The main intent of the Scale of Truthiness meeting was for everyone to understand where the misalignment was stemming from by communicating and discussing the varying ideas and points of view. Adrian wanted each team to acknowledge that different people had different ideas, to have evidence-based conversations about this, and then make informed decisions with regards to action items and next steps together.
“There was agreement in the organization that there wasn’t alignment, as it were, but there wasn’t an understanding of what they were misaligned on,” Adrian explained. “There wasn’t a lot of actual evidence about what the right customer was. People were running on varieties of gut instinct, and a little bit of evidence from the early releases of the product,” he continued.
Let’s take a closer look at Adrian’s process to learn what made this meeting magical.
Adrian asked each participant to bring anything related to their specific idea of the end customer (ideas, descriptions, tangible items, discussion topics, etc.) to the meeting.
The meeting was scheduled for 2 hours in person. Adrain aimed for 90 minutes but saved some extra buffer time if needed. The 15 attendees included leaders from the product, design, development, CISO, and executive teams, along with a few randomly selected end-users that didn’t work at the company.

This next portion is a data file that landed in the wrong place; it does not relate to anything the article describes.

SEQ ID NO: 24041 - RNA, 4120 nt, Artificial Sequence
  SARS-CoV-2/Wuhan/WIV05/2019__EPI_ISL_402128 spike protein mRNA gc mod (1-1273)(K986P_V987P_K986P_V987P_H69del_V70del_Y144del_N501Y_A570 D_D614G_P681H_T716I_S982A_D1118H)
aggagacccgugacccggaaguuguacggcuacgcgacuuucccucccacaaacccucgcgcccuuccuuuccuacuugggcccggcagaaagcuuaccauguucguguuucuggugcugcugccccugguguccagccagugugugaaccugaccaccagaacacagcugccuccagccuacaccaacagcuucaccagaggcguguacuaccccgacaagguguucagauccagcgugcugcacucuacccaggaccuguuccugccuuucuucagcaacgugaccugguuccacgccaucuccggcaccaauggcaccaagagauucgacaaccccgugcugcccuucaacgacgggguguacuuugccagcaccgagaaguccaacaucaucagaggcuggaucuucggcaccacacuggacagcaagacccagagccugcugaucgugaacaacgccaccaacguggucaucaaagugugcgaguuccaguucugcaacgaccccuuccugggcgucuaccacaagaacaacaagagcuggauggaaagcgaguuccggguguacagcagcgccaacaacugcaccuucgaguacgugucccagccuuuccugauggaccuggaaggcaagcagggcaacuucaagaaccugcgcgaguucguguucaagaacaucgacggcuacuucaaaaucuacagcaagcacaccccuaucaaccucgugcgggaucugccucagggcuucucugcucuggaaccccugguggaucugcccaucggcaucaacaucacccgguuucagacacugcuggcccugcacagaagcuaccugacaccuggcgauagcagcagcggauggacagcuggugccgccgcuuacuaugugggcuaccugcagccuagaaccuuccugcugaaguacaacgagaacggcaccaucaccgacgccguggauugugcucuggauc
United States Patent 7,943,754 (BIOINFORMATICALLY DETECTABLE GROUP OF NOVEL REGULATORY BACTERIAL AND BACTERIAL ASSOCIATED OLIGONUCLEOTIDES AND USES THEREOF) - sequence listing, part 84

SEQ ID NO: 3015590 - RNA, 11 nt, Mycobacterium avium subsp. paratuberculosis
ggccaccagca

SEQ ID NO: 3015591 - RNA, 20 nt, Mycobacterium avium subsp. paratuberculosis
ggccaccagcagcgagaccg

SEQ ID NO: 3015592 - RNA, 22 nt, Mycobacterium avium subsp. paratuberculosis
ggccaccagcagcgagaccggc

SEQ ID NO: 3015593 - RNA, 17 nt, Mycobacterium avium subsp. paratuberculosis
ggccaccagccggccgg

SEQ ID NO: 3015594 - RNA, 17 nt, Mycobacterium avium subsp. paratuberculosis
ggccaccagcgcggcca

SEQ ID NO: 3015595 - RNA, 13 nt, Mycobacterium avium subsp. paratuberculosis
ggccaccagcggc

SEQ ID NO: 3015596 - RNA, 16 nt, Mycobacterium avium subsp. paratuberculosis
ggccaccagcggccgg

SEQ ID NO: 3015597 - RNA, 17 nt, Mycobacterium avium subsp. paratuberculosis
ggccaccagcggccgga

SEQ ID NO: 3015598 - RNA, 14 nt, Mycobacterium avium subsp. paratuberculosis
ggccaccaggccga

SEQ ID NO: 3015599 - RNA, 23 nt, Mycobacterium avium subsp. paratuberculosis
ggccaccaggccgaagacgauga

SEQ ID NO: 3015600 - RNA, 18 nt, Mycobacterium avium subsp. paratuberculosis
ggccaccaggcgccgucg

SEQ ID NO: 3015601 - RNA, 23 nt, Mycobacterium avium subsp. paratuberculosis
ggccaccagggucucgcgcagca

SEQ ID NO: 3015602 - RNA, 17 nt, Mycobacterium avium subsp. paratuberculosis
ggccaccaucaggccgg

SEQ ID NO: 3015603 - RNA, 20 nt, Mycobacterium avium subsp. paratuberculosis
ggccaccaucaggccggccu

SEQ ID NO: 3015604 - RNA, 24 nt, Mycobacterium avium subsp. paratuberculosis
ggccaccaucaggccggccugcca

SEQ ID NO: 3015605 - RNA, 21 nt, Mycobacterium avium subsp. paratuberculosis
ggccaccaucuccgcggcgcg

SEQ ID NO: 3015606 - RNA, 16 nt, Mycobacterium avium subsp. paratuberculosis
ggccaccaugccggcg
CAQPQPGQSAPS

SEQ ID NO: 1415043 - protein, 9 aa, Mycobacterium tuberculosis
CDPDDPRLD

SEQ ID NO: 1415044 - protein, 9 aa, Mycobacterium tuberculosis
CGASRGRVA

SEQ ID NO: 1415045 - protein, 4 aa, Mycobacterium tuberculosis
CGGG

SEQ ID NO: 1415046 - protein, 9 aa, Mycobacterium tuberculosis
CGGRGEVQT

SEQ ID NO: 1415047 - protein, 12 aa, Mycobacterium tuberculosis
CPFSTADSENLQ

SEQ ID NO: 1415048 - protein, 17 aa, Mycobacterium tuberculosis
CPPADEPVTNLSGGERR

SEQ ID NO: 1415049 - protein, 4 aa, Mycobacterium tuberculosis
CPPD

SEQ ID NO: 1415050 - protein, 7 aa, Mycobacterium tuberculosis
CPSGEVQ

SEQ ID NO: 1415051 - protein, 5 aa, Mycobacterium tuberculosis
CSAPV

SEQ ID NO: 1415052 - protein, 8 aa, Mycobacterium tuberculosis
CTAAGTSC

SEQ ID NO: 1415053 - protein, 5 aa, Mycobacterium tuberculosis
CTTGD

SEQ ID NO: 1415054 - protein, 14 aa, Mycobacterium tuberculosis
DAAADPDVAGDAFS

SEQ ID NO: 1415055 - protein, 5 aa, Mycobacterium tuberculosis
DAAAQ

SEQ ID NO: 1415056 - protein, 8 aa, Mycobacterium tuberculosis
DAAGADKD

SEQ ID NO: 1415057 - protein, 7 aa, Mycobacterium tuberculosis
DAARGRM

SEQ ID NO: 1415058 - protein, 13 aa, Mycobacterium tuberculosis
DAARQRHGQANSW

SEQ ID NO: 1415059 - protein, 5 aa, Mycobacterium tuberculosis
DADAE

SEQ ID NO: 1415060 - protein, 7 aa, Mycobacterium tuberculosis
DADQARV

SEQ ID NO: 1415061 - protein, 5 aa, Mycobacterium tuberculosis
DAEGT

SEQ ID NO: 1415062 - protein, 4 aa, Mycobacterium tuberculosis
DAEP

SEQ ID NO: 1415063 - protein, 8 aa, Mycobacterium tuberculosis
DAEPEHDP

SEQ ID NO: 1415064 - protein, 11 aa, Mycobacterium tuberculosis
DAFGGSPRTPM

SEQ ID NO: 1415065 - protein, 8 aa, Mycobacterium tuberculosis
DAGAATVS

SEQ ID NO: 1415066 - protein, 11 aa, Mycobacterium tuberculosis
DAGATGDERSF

The meeting started with a few activities during the first half-hour, meant for each person to showcase what their idea of the end customer and product was, via provided worksheets and blank canvases. Adrian utilized empathy maps and other visual tactics from Dave Gray and Janice Fraser in his meeting.
Show and Tell: Then it was “show and tell” time. The worksheets and canvases were all put up on the walls, while each participant walked around reviewing everyone else’s work. “At that point, you could see stuff sinking in, about the fact that, ‘Oh, they’re talking about something completely different from what we’re talking about,’” Adrian said, which led into conversations about what people had seen.